Over the three decades since the introduction of the Federal Court of Australia’s class action regime, class action litigation has become an increasingly prominent feature of the Australian legal landscape, write Damian Grave, Liz Poulos, Ante Golem, Leah Watterson and Ben Davis.
Despite a number of recent reforms targeted at the Federal Court’s class action regime and litigation funders, the 12-month period between 4 March 2020 and 3 March 2021 saw the highest number of class actions commenced in Australia since the introduction of the Federal Court class action regime on 4 March 1992.
Whilst the Federal Court continues to be the jurisdiction of choice for the majority of Australian class actions, the number of class actions being commenced under state-based class action regimes has continued to rise in recent years.
Australia now has substantially similar class action regimes in four states, Victoria (2000), NSW (2011), Queensland (2017) and Tasmania (2019), with Western Australia’s Supreme Court procedure expected to be brought in line with Part IVA of the Federal Court of Australia Act 1976 (Cth) later this year following the passage of the Civil Procedure (Representative Proceedings) Bill 2021 through the Western Australian Legislative Assembly in October 2021.
The most recent empirical data published by Monash University Professor Vince Morabito from May 2021 indicates that since the commencement of the federal regime in 1992 until 3 March 2021, there have been approximately 740 class actions filed in total across Australia; 541 of these class actions – approximately 73 per cent – were commenced under the federal class action procedure in the Federal Court of Australia. The remaining 199 class actions – approximately 27 per cent – have been commenced under one or more of the Victorian, NSW, or Queensland state-based class action regimes in the respective state supreme courts.
Notably, in the four-year period between 4 March 2017 and 3 March 2021, the proportion of all class actions commenced under state-based class action regimes rose to approximately 39 per cent, with class actions filed in the state supreme courts representing 93 of the 238 class actions filed in that period. Of these 93 proceedings, 43 proceedings have been filed in the NSW Supreme Court, 40 proceedings have been filed in the Victorian Supreme Court, and 10 proceedings have been filed in the Queensland Supreme Court.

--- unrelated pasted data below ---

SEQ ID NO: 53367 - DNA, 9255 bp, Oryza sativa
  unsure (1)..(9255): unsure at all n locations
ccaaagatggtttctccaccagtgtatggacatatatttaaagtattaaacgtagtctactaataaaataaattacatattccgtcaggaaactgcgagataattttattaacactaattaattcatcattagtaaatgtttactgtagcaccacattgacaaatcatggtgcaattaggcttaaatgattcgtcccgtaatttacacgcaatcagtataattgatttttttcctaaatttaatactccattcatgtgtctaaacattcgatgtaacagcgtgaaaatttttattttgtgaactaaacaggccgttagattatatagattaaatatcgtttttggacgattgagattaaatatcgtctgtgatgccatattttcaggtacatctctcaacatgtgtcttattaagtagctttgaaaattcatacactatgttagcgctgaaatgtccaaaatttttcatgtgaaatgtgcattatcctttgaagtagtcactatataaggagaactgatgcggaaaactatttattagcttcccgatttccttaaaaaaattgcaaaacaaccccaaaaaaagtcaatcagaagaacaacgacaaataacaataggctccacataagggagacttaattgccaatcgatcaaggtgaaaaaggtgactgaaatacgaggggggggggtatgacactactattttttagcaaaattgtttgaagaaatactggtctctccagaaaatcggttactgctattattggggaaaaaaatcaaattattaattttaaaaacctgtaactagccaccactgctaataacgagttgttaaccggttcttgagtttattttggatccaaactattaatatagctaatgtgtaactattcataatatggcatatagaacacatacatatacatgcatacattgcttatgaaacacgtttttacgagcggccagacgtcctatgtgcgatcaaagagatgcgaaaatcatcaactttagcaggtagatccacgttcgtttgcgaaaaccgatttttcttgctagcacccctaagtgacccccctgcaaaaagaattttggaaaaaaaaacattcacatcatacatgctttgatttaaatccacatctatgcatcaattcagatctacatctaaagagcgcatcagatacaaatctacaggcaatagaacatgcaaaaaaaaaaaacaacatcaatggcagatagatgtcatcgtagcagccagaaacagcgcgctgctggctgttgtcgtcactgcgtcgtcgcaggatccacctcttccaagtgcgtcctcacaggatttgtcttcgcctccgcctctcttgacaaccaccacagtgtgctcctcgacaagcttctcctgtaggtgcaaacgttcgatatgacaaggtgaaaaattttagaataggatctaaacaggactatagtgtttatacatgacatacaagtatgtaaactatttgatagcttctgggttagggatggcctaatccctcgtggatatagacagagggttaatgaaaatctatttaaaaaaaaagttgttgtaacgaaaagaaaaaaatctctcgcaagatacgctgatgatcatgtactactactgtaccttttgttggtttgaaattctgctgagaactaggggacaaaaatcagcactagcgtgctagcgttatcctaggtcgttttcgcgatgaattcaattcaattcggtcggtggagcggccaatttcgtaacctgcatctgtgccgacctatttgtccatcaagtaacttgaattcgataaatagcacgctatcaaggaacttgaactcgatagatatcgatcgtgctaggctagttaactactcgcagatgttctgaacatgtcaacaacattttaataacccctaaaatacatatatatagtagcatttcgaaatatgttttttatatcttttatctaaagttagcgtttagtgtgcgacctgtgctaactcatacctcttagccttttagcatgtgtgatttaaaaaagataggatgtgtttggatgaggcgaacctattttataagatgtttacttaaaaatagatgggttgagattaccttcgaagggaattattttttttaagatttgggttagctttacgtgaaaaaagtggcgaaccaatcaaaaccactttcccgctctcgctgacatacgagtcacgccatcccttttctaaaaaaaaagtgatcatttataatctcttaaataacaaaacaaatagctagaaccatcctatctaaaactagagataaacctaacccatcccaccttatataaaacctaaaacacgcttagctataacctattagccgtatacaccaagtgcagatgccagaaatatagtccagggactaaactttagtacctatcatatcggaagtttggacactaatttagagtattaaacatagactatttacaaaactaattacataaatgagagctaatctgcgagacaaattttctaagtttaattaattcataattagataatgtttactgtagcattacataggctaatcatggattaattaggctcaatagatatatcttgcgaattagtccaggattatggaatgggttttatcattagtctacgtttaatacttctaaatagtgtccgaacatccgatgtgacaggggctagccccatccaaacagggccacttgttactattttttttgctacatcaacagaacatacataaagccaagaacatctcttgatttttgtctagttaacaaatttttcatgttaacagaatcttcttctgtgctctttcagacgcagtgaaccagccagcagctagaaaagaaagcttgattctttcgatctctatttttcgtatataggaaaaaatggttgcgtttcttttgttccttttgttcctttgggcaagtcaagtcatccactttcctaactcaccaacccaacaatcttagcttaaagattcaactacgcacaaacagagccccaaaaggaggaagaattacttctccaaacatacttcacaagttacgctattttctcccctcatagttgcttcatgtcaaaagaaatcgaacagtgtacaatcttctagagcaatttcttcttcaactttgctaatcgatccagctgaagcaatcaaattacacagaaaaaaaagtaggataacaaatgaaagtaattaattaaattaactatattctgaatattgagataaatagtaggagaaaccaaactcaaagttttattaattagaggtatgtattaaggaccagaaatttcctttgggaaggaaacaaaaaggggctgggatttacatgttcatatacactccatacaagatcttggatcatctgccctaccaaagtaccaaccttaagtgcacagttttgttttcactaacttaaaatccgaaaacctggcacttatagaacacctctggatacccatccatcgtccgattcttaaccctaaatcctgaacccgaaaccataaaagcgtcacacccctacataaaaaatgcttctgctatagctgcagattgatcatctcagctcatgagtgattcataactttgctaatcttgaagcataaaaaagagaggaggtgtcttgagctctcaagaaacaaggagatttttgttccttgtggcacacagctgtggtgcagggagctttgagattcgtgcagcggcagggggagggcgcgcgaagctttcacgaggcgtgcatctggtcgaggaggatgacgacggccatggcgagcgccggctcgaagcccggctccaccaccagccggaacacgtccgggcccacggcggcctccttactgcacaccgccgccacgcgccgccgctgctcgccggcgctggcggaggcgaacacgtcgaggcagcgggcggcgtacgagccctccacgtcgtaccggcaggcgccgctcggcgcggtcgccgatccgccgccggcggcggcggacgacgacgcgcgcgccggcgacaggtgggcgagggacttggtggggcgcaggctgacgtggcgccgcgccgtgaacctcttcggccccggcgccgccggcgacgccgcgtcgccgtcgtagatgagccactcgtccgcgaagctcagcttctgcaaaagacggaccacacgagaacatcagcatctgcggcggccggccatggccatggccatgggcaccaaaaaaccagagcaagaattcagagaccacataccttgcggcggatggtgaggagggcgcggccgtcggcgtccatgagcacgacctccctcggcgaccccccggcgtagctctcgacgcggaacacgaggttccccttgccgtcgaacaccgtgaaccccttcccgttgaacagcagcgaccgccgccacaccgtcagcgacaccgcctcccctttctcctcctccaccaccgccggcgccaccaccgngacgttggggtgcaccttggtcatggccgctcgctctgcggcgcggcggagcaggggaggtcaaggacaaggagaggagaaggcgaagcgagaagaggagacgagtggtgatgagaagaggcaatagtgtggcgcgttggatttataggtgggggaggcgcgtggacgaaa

As at 3 March 2021, no representative proceedings had yet been filed with the Tasmanian Supreme Court since the commencement of Part VII of the Supreme Court Civil Procedure Act 1932 (Tas) on 9 September 2019.
Although the state-based class action regimes are substantially similar to the Federal Court’s regime, differences between the state class action regimes and their federal counterpart are becoming more common. An early indication of the potential impact of recent contingency fees reforms in Victoria with the introduction of s33ZDA of the Supreme Court Act 1986 (Vic), which took effect from 1 July 2020, can be seen in Professor Morabito’s data, which indicates that, in the 12-month period between 4 March 2020 and 3 March 2021, of the 27 class actions commenced under state-based regimes, 22 (81 per cent) were commenced in the Victorian Supreme Court.
The Supreme Court of Victoria has now considered these new contingency fee provisions on at least two occasions. In September 2021, the court determined, in the circumstances of the first case, that the plaintiffs had not established a sufficient basis for an order to be made. Most recently, in December 2021, the court was satisfied, in the circumstances of a different case, to make such an order. This is an area that will continue to further evolve following further judicial consideration.
We anticipate that the combination of the introduction of a new class action regime in Western Australia, and state-based reforms and developments, are likely to result in a continued rise in the proportion of class actions commenced under state-based regimes.
Damian Grave, Liz Poulos and Ante Golem are partners, Leah Watterson is an executive counsel, and Ben Davis is a solicitor at Herbert Smith Freehills.